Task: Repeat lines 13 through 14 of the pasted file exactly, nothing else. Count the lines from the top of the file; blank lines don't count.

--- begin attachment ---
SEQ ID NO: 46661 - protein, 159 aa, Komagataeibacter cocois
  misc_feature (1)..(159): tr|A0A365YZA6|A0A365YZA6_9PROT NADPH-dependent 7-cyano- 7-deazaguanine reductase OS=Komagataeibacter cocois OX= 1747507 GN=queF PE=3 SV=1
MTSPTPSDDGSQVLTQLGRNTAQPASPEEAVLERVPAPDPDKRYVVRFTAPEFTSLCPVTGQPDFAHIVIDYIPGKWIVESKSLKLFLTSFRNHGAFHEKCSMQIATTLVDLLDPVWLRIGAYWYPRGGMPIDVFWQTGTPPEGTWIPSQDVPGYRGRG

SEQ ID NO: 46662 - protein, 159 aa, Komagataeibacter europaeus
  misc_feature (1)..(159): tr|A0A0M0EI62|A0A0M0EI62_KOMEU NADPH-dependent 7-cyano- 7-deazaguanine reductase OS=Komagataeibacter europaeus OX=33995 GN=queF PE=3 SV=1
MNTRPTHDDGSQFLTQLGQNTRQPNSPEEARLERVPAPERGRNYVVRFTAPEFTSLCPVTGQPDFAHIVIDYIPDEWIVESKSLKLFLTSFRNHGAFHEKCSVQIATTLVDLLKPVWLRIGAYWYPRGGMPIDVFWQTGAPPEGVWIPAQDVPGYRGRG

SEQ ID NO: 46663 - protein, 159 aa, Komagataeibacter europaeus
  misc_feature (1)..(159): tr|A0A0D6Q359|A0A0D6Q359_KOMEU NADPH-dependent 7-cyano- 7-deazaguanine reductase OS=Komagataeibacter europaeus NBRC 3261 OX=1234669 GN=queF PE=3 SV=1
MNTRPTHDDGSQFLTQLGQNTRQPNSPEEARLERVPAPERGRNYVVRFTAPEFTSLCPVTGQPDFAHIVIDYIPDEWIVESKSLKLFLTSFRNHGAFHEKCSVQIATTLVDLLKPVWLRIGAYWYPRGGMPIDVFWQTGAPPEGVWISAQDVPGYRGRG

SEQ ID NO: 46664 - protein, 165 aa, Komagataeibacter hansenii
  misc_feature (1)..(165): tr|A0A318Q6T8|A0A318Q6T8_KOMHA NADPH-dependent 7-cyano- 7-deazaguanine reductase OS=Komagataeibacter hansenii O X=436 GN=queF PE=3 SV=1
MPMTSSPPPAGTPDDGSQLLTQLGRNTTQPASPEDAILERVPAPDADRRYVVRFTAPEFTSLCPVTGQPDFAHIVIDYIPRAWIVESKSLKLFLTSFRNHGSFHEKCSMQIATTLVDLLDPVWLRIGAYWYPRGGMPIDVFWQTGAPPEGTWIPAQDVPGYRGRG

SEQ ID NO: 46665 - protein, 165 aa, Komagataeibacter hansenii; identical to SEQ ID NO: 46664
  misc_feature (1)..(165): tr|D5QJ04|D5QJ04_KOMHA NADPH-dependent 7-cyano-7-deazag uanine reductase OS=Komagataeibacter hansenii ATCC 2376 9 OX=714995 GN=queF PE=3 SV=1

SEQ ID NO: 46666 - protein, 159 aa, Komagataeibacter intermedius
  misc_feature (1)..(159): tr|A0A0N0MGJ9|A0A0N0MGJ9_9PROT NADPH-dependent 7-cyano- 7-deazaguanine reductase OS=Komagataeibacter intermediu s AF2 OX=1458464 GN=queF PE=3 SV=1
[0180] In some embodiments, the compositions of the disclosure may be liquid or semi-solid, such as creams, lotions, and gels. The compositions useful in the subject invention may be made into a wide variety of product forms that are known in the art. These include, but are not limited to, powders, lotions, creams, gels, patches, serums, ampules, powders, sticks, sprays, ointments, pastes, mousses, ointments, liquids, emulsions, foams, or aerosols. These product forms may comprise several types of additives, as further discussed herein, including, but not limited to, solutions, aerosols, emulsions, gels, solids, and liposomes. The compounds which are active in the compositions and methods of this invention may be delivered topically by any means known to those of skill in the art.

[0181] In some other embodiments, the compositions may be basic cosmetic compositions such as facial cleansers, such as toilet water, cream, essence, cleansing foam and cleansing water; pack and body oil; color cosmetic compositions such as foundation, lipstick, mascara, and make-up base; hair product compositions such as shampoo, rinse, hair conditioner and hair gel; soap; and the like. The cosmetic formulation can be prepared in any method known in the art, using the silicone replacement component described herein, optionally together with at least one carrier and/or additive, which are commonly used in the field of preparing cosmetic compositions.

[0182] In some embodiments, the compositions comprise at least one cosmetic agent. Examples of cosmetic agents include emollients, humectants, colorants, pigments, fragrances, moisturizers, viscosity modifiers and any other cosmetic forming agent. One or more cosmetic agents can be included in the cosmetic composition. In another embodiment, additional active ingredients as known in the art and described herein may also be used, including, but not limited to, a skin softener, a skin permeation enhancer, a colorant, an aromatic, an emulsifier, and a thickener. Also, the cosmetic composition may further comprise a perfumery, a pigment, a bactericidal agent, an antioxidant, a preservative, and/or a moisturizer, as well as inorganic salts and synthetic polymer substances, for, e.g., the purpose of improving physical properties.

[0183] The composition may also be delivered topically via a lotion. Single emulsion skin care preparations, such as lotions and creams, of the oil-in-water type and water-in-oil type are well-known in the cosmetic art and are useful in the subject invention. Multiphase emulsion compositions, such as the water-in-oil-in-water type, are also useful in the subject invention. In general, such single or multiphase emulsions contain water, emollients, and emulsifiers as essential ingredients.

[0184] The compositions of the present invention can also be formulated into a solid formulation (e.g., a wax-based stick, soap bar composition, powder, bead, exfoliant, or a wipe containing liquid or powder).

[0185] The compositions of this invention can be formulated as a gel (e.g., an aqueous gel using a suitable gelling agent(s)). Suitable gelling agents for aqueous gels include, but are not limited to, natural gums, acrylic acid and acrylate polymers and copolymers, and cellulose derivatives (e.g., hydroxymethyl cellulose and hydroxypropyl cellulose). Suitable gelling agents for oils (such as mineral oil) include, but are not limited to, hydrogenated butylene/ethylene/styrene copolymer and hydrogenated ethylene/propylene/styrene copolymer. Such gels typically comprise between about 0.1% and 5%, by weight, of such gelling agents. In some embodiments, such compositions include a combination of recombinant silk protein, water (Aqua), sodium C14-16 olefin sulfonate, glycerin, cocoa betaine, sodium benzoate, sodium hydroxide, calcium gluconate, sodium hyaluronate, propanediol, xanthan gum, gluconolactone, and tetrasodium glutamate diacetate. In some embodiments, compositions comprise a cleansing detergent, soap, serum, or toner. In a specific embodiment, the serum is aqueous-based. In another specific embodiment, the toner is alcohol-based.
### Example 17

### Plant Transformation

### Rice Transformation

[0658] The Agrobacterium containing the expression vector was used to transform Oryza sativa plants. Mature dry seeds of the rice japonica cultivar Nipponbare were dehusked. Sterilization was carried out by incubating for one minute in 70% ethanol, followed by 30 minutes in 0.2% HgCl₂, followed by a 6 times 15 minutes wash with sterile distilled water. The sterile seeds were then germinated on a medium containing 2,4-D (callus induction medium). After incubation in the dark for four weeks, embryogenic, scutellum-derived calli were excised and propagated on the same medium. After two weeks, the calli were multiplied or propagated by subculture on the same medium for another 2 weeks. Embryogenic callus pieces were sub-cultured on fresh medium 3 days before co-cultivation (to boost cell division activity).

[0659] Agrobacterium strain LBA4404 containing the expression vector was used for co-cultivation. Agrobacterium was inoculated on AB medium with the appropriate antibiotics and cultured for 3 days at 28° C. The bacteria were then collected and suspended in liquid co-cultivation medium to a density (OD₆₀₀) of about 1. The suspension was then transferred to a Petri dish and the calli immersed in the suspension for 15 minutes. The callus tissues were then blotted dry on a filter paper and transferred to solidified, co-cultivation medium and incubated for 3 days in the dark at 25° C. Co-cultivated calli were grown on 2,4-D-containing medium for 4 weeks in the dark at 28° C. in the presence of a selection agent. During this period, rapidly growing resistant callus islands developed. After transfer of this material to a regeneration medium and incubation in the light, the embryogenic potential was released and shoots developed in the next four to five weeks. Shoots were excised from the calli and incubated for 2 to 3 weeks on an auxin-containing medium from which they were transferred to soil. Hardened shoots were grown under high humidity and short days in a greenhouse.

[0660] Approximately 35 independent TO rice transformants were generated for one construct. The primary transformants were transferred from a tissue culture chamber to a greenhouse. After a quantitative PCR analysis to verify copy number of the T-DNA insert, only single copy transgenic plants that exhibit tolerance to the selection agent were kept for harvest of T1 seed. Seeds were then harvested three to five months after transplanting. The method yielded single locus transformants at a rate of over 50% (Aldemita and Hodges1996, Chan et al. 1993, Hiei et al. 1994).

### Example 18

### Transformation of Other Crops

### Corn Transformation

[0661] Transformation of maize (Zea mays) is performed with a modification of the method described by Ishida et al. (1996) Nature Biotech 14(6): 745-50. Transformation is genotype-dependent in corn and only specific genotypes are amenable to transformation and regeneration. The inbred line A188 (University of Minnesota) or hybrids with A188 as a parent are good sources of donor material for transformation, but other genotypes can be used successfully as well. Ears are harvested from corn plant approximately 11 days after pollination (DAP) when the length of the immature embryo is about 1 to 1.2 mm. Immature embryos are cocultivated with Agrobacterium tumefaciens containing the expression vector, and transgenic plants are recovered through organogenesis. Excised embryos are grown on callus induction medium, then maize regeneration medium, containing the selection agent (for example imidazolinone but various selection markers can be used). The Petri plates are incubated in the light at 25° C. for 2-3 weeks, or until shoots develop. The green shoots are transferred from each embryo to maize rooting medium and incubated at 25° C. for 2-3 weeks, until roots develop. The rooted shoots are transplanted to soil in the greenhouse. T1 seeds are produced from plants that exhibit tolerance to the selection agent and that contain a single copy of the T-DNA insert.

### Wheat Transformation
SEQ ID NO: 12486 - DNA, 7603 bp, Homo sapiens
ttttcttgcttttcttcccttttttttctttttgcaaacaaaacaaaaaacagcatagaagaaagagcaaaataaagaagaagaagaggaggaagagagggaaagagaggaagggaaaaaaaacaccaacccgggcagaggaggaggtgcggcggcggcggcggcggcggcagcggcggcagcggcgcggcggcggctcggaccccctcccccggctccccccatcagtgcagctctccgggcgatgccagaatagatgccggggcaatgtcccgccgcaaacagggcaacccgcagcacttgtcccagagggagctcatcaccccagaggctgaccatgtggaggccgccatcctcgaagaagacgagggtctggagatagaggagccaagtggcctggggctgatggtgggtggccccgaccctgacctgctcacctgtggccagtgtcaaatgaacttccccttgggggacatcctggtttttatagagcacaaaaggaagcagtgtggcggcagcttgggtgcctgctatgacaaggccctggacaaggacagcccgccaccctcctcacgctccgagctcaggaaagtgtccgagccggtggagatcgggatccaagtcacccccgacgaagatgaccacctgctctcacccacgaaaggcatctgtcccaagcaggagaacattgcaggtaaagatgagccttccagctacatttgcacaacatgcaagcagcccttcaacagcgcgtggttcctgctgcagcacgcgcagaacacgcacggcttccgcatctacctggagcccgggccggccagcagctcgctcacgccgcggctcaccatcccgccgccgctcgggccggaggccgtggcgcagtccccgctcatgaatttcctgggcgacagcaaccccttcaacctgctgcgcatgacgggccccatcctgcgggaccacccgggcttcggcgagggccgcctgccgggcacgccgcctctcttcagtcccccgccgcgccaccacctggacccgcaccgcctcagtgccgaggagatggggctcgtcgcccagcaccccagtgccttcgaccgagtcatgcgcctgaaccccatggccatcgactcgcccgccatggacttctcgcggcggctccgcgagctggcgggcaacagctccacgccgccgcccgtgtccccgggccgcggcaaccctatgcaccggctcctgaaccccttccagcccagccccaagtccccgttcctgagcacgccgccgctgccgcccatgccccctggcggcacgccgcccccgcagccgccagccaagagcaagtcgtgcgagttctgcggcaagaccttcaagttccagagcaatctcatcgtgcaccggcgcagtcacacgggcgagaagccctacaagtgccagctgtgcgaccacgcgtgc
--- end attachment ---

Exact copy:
SEQ ID NO: 46665 - protein, 165 aa, Komagataeibacter hansenii; identical to SEQ ID NO: 46664
  misc_feature (1)..(165): tr|D5QJ04|D5QJ04_KOMHA NADPH-dependent 7-cyano-7-deazag uanine reductase OS=Komagataeibacter hansenii ATCC 2376 9 OX=714995 GN=queF PE=3 SV=1